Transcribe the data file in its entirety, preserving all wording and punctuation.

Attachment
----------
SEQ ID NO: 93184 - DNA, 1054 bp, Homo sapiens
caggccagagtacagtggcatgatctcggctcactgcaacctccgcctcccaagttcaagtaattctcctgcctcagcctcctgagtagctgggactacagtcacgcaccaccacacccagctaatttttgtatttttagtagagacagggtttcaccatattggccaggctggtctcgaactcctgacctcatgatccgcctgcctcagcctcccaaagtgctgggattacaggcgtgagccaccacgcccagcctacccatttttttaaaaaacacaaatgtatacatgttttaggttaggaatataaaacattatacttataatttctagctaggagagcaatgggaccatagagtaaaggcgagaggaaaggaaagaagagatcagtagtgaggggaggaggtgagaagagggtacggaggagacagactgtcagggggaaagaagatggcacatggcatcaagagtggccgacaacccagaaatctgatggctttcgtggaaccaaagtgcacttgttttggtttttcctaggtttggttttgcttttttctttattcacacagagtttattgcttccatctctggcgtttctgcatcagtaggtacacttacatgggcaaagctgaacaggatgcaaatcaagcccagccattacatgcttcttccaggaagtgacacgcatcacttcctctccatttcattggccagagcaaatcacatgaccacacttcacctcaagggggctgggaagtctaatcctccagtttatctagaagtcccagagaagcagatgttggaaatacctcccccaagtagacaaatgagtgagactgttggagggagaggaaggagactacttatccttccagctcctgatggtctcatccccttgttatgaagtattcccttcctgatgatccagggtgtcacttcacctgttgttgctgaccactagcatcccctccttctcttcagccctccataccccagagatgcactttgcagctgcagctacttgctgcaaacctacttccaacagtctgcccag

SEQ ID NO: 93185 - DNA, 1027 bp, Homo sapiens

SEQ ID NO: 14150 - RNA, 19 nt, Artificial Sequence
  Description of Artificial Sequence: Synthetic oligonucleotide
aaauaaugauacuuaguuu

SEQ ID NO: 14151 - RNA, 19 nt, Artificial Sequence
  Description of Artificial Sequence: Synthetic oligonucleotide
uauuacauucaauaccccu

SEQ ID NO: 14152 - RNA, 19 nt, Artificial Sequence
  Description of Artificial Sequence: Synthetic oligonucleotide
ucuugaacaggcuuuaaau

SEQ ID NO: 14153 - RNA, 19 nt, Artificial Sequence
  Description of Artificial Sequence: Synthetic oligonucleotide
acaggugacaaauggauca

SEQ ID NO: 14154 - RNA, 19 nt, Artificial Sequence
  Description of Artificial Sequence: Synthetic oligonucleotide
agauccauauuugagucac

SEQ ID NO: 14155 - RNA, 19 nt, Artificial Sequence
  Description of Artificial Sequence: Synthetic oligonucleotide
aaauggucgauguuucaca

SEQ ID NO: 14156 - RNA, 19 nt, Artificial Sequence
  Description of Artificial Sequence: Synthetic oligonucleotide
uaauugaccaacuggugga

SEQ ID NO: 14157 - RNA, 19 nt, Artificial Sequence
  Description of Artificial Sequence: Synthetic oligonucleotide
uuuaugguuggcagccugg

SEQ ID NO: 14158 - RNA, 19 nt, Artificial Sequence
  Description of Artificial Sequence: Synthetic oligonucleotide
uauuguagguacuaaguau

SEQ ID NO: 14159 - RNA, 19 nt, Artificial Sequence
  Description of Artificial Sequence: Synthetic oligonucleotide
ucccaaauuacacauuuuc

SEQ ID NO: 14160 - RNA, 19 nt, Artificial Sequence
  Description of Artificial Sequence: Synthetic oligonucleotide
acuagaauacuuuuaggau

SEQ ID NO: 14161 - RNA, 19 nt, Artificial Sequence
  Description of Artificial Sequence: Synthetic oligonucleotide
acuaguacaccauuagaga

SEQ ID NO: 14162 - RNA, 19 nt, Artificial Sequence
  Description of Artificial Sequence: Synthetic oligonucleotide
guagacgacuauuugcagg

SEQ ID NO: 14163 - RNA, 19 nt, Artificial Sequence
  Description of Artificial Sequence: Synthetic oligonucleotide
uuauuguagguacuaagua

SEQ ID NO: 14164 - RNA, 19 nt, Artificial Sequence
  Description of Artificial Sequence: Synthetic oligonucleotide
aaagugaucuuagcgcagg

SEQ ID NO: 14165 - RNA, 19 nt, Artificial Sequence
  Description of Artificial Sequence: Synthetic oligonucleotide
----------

SEQ ID NO: 93184 - DNA, 1054 bp, Homo sapiens
caggccagagtacagtggcatgatctcggctcactgcaacctccgcctcccaagttcaagtaattctcctgcctcagcctcctgagtagctgggactacagtcacgcaccaccacacccagctaatttttgtatttttagtagagacagggtttcaccatattggccaggctggtctcgaactcctgacctcatgatccgcctgcctcagcctcccaaagtgctgggattacaggcgtgagccaccacgcccagcctacccatttttttaaaaaacacaaatgtatacatgttttaggttaggaatataaaacattatacttataatttctagctaggagagcaatgggaccatagagtaaaggcgagaggaaaggaaagaagagatcagtagtgaggggaggaggtgagaagagggtacggaggagacagactgtcagggggaaagaagatggcacatggcatcaagagtggccgacaacccagaaatctgatggctttcgtggaaccaaagtgcacttgttttggtttttcctaggtttggttttgcttttttctttattcacacagagtttattgcttccatctctggcgtttctgcatcagtaggtacacttacatgggcaaagctgaacaggatgcaaatcaagcccagccattacatgcttcttccaggaagtgacacgcatcacttcctctccatttcattggccagagcaaatcacatgaccacacttcacctcaagggggctgggaagtctaatcctccagtttatctagaagtcccagagaagcagatgttggaaatacctcccccaagtagacaaatgagtgagactgttggagggagaggaaggagactacttatccttccagctcctgatggtctcatccccttgttatgaagtattcccttcctgatgatccagggtgtcacttcacctgttgttgctgaccactagcatcccctccttctcttcagccctccataccccagagatgcactttgcagctgcagctacttgctgcaaacctacttccaacagtctgcccag

SEQ ID NO: 93185 - DNA, 1027 bp, Homo sapiens

SEQ ID NO: 14150 - RNA, 19 nt, Artificial Sequence
  Description of Artificial Sequence: Synthetic oligonucleotide
aaauaaugauacuuaguuu

SEQ ID NO: 14151 - RNA, 19 nt, Artificial Sequence
  Description of Artificial Sequence: Synthetic oligonucleotide
uauuacauucaauaccccu

SEQ ID NO: 14152 - RNA, 19 nt, Artificial Sequence
  Description of Artificial Sequence: Synthetic oligonucleotide
ucuugaacaggcuuuaaau

SEQ ID NO: 14153 - RNA, 19 nt, Artificial Sequence
  Description of Artificial Sequence: Synthetic oligonucleotide
acaggugacaaauggauca

SEQ ID NO: 14154 - RNA, 19 nt, Artificial Sequence
  Description of Artificial Sequence: Synthetic oligonucleotide
agauccauauuugagucac

SEQ ID NO: 14155 - RNA, 19 nt, Artificial Sequence
  Description of Artificial Sequence: Synthetic oligonucleotide
aaauggucgauguuucaca

SEQ ID NO: 14156 - RNA, 19 nt, Artificial Sequence
  Description of Artificial Sequence: Synthetic oligonucleotide
uaauugaccaacuggugga

SEQ ID NO: 14157 - RNA, 19 nt, Artificial Sequence
  Description of Artificial Sequence: Synthetic oligonucleotide
uuuaugguuggcagccugg

SEQ ID NO: 14158 - RNA, 19 nt, Artificial Sequence
  Description of Artificial Sequence: Synthetic oligonucleotide
uauuguagguacuaaguau

SEQ ID NO: 14159 - RNA, 19 nt, Artificial Sequence
  Description of Artificial Sequence: Synthetic oligonucleotide
ucccaaauuacacauuuuc

SEQ ID NO: 14160 - RNA, 19 nt, Artificial Sequence
  Description of Artificial Sequence: Synthetic oligonucleotide
acuagaauacuuuuaggau

SEQ ID NO: 14161 - RNA, 19 nt, Artificial Sequence
  Description of Artificial Sequence: Synthetic oligonucleotide
acuaguacaccauuagaga

SEQ ID NO: 14162 - RNA, 19 nt, Artificial Sequence
  Description of Artificial Sequence: Synthetic oligonucleotide
guagacgacuauuugcagg

SEQ ID NO: 14163 - RNA, 19 nt, Artificial Sequence
  Description of Artificial Sequence: Synthetic oligonucleotide
uuauuguagguacuaagua

SEQ ID NO: 14164 - RNA, 19 nt, Artificial Sequence
  Description of Artificial Sequence: Synthetic oligonucleotide
aaagugaucuuagcgcagg

SEQ ID NO: 14165 - RNA, 19 nt, Artificial Sequence
  Description of Artificial Sequence: Synthetic oligonucleotide